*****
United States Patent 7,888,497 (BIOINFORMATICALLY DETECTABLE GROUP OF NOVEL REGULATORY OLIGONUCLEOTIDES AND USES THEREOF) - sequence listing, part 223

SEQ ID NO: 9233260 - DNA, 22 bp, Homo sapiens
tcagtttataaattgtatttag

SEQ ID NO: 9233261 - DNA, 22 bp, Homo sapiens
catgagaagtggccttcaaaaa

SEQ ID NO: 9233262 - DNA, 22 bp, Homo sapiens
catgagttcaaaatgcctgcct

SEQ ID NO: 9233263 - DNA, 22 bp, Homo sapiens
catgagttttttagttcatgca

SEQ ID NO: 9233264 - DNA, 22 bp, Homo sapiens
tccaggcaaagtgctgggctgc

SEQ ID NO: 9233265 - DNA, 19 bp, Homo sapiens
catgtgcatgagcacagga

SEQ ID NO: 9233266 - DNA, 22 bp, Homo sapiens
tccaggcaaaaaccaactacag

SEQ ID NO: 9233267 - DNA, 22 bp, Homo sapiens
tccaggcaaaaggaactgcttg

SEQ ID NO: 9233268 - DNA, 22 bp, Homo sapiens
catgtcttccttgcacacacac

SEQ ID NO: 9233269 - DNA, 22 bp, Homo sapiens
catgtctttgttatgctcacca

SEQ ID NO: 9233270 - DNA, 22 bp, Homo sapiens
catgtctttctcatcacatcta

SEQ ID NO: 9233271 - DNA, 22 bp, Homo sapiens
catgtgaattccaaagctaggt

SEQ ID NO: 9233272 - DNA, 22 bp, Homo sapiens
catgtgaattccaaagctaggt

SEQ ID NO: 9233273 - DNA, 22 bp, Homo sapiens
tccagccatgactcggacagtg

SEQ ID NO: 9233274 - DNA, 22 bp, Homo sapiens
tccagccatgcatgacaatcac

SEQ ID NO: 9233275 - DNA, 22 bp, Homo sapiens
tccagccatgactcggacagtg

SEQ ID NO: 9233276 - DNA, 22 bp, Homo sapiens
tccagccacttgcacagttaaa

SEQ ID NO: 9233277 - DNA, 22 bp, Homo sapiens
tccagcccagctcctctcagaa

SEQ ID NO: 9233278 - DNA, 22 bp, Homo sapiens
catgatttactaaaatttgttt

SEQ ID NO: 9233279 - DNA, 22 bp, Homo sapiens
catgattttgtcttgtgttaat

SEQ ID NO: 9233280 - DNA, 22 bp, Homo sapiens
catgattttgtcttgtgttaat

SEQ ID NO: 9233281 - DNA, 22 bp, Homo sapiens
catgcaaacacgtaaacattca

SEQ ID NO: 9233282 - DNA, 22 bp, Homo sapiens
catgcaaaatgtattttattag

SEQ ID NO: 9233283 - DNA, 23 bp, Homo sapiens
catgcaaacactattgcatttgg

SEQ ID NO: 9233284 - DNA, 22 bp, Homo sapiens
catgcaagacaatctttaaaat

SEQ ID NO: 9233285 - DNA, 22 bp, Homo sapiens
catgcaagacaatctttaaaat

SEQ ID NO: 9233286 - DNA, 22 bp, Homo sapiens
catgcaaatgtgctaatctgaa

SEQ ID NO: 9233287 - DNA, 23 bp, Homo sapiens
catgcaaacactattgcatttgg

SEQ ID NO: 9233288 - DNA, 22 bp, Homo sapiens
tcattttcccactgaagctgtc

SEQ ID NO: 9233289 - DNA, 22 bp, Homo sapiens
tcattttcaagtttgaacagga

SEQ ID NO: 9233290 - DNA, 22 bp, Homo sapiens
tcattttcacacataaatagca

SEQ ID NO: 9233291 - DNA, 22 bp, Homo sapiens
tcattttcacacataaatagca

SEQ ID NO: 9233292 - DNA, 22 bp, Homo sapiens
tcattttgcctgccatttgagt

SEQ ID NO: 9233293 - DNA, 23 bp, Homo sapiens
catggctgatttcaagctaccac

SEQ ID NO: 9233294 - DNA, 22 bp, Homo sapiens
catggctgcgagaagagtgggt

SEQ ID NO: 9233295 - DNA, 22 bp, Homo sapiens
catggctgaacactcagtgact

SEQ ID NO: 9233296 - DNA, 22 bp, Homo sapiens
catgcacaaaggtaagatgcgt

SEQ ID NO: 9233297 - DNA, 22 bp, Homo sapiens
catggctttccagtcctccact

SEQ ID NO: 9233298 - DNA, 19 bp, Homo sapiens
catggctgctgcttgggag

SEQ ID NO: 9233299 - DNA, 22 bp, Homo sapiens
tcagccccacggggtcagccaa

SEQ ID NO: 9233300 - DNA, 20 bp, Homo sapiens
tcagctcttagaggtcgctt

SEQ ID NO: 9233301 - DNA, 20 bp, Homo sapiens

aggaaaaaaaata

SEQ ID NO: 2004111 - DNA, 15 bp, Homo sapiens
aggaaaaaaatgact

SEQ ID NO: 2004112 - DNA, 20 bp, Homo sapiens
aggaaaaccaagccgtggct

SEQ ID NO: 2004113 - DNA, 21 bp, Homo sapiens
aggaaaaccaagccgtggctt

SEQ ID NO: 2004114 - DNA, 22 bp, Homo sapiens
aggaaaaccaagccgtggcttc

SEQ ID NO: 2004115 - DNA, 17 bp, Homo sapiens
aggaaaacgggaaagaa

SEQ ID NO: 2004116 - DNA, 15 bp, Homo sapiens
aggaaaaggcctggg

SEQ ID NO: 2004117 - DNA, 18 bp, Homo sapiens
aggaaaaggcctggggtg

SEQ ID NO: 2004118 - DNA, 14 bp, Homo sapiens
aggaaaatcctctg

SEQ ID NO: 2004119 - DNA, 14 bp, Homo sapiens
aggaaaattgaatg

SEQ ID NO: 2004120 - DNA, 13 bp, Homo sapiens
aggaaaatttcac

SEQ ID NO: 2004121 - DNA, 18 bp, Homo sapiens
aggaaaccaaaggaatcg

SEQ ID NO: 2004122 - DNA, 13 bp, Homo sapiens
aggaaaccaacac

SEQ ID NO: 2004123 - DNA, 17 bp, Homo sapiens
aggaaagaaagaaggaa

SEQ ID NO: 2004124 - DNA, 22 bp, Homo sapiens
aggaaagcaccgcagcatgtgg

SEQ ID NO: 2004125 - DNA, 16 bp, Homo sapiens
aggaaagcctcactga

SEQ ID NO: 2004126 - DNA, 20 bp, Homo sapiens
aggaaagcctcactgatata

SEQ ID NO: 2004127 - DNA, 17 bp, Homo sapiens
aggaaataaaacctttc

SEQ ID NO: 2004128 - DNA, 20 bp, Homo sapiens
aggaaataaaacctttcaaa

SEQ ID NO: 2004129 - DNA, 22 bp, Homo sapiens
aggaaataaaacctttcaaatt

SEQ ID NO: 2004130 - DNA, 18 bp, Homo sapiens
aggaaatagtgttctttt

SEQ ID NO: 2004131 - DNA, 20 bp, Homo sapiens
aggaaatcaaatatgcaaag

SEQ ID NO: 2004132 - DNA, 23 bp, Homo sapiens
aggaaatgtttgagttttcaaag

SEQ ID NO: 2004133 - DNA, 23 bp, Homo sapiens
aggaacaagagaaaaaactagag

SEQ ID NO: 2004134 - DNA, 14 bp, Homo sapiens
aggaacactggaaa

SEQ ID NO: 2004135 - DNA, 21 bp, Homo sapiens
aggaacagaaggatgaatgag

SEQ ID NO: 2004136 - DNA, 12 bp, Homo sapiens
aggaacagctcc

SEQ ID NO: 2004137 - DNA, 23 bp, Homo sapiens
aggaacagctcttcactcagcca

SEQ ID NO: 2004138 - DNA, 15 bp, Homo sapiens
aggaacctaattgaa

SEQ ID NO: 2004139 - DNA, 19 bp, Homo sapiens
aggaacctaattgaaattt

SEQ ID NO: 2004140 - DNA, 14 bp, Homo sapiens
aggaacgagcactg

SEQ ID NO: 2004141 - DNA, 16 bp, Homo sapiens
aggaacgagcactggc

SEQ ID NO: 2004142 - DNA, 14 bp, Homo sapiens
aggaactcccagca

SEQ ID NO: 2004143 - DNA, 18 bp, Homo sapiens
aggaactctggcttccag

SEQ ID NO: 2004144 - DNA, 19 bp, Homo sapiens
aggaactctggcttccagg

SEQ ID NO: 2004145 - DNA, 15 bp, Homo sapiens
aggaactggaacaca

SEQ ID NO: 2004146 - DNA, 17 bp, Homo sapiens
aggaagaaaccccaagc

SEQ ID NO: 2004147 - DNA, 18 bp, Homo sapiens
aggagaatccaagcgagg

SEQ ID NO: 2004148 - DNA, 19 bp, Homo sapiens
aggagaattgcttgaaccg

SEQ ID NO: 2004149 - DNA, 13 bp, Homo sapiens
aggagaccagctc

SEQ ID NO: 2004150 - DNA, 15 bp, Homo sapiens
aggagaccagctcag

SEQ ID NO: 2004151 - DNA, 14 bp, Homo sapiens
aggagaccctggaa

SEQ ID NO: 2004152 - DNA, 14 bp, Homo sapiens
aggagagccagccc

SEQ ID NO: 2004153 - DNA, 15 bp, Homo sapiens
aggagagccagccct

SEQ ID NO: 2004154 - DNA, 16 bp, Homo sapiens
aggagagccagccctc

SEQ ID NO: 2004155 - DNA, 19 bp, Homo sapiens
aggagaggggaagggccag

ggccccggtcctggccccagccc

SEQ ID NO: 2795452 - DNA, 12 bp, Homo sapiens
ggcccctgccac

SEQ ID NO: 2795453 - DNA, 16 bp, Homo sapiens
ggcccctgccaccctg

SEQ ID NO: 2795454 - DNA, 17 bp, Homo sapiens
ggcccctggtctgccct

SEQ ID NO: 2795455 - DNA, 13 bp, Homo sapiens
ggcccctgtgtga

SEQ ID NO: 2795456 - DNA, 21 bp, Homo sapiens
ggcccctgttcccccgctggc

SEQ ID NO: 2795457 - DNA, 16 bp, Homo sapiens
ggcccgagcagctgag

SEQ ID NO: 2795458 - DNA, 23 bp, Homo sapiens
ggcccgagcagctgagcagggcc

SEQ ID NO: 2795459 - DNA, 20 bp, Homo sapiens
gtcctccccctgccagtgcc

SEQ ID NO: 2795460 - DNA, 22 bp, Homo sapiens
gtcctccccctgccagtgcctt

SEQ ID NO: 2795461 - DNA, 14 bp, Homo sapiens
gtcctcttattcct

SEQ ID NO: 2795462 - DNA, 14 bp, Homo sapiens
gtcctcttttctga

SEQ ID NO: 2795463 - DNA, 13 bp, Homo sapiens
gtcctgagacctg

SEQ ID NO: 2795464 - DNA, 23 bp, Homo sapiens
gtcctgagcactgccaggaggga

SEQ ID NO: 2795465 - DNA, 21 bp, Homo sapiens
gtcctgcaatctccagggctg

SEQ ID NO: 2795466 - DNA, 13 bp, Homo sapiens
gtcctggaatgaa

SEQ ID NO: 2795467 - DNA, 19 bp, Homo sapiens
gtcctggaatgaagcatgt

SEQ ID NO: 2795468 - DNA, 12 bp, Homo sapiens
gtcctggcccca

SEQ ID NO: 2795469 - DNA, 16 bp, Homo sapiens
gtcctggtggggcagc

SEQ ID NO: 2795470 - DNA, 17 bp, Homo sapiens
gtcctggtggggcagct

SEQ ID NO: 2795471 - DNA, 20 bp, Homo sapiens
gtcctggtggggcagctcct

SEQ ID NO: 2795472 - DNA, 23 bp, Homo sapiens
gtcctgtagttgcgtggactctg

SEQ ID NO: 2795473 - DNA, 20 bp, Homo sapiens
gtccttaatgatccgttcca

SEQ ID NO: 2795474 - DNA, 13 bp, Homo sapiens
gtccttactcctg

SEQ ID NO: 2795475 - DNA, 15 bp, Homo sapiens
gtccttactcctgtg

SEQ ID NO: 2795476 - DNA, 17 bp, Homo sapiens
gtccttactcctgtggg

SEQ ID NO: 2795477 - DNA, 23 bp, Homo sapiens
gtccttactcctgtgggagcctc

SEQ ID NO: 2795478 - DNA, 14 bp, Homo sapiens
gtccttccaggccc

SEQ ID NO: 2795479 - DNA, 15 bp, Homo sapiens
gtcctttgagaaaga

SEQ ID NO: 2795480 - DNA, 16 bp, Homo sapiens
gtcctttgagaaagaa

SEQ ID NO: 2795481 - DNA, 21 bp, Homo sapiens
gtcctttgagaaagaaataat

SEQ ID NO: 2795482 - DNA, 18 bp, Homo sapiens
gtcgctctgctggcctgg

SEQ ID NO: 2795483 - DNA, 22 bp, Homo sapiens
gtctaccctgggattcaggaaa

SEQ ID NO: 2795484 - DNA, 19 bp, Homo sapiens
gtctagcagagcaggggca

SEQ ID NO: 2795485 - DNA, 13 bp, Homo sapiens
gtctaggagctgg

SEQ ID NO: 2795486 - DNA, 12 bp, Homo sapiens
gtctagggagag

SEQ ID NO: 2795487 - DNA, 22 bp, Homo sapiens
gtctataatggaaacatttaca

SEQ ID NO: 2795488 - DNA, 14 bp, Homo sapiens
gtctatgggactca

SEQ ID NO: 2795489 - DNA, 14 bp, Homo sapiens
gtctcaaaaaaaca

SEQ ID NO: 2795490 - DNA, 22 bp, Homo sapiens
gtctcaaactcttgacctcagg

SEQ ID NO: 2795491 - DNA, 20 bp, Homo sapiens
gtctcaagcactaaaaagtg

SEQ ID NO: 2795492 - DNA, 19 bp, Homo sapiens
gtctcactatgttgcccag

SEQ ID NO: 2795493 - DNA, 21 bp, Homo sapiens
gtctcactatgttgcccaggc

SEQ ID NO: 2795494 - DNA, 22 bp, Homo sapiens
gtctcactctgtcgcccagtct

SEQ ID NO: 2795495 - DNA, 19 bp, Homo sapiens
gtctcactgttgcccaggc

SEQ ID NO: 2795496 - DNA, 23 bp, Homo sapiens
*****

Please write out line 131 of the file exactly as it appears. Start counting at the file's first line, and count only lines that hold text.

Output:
aggaacaagagaaaaaactagag